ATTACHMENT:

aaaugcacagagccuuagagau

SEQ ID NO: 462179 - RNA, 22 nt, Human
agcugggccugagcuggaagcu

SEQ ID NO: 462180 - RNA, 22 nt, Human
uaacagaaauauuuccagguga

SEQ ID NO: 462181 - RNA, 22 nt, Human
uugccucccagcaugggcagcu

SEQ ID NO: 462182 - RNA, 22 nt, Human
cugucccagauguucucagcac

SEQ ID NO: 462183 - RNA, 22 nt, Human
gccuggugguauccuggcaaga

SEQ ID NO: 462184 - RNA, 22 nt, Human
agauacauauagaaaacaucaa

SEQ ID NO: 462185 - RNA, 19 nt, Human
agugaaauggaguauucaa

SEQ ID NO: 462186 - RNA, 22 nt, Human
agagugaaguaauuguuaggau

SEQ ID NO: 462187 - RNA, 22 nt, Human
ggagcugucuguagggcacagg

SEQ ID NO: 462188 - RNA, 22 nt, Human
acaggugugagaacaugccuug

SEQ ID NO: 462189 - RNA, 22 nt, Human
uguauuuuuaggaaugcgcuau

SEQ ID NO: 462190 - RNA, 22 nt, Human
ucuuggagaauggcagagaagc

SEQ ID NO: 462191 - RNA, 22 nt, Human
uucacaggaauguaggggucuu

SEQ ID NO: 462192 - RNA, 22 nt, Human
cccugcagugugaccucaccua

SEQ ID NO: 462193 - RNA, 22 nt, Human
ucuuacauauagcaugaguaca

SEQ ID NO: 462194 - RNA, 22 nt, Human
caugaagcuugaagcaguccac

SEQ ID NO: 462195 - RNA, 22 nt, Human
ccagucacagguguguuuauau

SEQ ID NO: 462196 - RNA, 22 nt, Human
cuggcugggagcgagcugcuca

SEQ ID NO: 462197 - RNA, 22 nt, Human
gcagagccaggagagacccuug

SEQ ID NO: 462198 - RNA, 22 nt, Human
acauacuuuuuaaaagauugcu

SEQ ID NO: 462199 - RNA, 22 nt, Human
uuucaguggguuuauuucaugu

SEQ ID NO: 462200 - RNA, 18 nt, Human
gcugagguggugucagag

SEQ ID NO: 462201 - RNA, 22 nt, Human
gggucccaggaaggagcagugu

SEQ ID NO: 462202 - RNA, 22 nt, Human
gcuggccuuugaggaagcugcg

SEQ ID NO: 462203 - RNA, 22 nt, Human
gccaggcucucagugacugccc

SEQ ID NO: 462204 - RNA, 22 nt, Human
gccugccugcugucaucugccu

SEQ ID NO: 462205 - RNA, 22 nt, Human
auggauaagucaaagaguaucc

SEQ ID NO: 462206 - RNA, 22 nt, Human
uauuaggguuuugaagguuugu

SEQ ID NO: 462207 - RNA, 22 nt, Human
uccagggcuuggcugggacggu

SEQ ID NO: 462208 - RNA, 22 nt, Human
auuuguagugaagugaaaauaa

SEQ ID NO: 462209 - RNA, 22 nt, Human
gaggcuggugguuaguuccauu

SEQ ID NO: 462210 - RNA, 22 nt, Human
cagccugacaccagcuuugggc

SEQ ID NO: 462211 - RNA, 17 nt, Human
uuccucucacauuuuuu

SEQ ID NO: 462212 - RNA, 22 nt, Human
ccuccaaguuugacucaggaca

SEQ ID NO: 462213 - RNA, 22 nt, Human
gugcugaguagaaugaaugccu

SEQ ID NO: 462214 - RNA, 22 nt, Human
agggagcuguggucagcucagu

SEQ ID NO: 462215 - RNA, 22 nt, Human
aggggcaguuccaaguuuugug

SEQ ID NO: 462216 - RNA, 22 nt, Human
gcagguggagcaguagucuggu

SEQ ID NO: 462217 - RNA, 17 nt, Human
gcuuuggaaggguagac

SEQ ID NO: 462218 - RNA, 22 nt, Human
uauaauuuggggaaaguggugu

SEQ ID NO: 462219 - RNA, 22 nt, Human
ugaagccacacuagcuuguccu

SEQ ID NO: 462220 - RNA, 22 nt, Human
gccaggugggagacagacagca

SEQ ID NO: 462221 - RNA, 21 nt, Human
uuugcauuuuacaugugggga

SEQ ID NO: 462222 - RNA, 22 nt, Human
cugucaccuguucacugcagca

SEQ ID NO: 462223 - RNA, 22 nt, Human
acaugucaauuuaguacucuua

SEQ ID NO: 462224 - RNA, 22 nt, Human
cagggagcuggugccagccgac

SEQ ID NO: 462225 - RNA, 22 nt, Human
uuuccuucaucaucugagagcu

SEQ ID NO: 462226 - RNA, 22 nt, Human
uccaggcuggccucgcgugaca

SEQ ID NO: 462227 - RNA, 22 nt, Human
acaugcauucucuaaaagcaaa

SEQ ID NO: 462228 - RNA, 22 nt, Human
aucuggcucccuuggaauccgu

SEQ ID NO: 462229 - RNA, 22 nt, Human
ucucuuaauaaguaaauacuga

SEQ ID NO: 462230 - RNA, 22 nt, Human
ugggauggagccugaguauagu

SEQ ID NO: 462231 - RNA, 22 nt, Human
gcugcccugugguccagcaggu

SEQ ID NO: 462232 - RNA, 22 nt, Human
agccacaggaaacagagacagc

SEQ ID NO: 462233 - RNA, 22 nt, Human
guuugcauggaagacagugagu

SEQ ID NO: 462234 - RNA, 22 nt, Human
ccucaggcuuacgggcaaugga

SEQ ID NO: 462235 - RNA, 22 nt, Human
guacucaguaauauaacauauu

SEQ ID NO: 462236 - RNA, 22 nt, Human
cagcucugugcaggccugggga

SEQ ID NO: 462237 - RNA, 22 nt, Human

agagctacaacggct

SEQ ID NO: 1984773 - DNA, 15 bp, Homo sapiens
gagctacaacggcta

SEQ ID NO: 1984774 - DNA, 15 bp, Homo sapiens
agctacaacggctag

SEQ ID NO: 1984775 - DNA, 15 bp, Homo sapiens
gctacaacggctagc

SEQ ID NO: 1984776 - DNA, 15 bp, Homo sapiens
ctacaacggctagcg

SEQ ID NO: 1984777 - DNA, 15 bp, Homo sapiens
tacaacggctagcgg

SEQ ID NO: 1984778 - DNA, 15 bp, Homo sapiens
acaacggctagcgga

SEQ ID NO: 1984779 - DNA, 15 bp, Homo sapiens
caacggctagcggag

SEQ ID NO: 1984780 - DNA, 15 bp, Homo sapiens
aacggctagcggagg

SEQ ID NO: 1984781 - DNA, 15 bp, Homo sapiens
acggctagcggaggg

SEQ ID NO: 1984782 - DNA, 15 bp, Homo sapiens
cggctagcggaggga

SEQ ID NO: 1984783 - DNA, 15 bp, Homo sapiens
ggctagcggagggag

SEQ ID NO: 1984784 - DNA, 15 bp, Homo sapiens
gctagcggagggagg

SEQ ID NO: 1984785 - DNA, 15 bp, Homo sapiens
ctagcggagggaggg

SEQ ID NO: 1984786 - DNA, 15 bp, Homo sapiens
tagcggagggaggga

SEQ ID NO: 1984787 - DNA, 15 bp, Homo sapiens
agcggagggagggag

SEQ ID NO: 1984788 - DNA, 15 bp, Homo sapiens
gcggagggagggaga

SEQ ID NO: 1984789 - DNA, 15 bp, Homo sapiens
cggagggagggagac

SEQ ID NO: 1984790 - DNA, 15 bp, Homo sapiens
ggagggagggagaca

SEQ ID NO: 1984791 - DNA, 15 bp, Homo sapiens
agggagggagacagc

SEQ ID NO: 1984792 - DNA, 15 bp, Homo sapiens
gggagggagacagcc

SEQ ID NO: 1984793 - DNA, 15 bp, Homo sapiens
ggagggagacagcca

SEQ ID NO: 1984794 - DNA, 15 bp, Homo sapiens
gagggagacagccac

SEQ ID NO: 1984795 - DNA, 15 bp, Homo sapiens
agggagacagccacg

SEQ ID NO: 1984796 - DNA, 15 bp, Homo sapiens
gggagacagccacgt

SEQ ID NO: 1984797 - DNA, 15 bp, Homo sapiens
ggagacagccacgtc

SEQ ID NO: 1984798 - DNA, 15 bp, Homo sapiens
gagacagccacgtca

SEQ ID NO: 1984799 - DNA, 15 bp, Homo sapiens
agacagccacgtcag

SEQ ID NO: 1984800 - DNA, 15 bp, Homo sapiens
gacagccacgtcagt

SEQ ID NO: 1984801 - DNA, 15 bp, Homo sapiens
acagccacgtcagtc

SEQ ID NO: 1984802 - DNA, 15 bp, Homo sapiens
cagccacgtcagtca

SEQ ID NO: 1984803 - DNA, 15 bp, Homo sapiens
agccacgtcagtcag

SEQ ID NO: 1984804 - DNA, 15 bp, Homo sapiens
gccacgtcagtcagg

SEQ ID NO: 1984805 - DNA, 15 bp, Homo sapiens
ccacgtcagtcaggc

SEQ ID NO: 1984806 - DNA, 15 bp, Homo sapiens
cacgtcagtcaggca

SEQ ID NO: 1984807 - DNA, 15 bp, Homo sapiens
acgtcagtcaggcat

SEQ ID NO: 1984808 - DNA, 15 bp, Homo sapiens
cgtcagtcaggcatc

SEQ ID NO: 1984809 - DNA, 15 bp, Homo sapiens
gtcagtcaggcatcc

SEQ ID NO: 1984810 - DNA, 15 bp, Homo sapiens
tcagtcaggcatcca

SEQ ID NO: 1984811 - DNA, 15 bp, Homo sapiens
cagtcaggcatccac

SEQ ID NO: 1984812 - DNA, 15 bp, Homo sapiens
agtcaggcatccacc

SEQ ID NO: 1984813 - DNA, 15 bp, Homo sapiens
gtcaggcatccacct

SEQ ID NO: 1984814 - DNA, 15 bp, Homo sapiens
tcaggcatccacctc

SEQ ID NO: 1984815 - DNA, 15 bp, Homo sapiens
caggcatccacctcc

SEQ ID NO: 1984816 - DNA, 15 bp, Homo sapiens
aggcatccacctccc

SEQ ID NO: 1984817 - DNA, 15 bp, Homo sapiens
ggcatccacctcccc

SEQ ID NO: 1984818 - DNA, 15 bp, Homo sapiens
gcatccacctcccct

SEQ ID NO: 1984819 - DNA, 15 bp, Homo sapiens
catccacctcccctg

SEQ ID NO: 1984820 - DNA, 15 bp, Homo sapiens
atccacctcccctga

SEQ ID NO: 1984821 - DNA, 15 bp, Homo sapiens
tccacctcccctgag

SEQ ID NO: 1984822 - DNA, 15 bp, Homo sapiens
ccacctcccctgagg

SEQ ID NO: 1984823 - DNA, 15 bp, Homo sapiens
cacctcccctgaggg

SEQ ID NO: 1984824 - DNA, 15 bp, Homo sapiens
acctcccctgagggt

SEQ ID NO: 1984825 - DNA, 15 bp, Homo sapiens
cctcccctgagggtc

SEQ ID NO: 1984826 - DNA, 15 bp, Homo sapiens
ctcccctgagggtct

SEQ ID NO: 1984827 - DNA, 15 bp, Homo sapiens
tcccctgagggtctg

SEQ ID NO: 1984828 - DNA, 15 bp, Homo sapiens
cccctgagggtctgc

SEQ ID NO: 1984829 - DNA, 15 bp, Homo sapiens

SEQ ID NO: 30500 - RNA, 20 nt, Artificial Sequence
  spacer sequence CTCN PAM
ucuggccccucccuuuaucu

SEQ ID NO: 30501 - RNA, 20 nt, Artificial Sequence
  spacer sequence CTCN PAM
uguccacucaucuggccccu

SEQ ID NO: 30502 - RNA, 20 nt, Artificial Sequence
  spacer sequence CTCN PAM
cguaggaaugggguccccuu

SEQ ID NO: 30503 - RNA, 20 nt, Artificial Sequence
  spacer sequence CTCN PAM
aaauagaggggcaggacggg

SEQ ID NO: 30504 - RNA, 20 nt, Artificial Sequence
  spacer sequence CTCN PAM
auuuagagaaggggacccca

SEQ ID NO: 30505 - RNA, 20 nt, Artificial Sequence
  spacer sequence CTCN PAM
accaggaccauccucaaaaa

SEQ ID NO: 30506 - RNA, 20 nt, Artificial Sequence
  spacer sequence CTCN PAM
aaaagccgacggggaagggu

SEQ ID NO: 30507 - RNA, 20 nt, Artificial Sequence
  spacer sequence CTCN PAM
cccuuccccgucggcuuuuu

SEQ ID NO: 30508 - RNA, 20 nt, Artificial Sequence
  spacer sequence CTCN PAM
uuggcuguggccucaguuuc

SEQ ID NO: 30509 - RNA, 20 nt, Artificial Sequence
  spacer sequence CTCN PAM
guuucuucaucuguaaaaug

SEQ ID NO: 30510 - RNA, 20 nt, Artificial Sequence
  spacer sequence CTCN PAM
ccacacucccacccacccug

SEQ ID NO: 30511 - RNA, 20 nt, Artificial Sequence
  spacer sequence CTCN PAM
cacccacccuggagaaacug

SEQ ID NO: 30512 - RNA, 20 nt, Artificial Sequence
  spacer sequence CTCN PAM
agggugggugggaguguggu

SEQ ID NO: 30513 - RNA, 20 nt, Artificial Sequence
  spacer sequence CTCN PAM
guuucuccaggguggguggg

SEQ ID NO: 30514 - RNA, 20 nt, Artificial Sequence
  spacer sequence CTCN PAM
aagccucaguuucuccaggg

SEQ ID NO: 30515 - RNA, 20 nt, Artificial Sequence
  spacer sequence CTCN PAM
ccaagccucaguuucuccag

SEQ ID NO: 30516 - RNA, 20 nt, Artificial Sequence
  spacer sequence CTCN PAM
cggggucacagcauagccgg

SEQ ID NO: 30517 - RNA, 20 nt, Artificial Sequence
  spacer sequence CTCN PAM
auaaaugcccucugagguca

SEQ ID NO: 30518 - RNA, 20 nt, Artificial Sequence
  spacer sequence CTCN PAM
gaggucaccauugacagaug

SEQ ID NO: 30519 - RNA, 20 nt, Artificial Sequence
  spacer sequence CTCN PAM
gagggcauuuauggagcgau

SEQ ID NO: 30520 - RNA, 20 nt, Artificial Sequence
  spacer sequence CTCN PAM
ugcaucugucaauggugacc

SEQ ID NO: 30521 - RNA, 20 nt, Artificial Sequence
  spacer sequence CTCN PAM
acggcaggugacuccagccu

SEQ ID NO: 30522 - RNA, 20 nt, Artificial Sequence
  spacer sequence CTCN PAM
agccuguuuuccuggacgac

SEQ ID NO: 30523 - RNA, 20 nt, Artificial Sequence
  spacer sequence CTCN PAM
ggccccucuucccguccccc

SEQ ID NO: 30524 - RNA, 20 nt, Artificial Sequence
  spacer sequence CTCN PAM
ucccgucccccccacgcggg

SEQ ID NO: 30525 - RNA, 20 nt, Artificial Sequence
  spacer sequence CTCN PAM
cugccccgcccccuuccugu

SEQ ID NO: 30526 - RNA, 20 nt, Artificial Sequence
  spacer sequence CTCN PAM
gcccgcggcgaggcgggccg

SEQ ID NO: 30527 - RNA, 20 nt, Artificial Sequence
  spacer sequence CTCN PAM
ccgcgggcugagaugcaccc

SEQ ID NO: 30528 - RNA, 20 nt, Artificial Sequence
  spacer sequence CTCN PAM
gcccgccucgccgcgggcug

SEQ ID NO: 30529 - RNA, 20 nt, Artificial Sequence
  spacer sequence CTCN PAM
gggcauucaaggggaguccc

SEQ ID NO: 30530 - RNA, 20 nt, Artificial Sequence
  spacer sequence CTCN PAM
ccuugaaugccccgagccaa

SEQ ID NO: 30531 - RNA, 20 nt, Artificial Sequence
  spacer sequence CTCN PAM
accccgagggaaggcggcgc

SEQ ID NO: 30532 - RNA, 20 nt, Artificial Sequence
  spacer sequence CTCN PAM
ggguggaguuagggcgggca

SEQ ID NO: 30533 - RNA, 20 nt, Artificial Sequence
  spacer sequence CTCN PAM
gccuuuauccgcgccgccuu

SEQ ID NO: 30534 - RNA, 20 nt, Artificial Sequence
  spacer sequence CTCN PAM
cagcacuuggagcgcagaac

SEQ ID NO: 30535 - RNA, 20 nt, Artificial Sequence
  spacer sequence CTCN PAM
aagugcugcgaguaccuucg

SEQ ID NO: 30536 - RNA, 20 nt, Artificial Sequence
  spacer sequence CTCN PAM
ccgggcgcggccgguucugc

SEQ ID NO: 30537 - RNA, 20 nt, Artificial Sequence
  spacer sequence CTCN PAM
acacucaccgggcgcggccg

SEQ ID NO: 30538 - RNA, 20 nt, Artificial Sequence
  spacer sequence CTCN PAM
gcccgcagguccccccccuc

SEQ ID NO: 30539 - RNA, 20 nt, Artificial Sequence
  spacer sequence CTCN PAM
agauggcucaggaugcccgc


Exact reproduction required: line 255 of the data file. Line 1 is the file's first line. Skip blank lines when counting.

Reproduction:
  spacer sequence CTCN PAM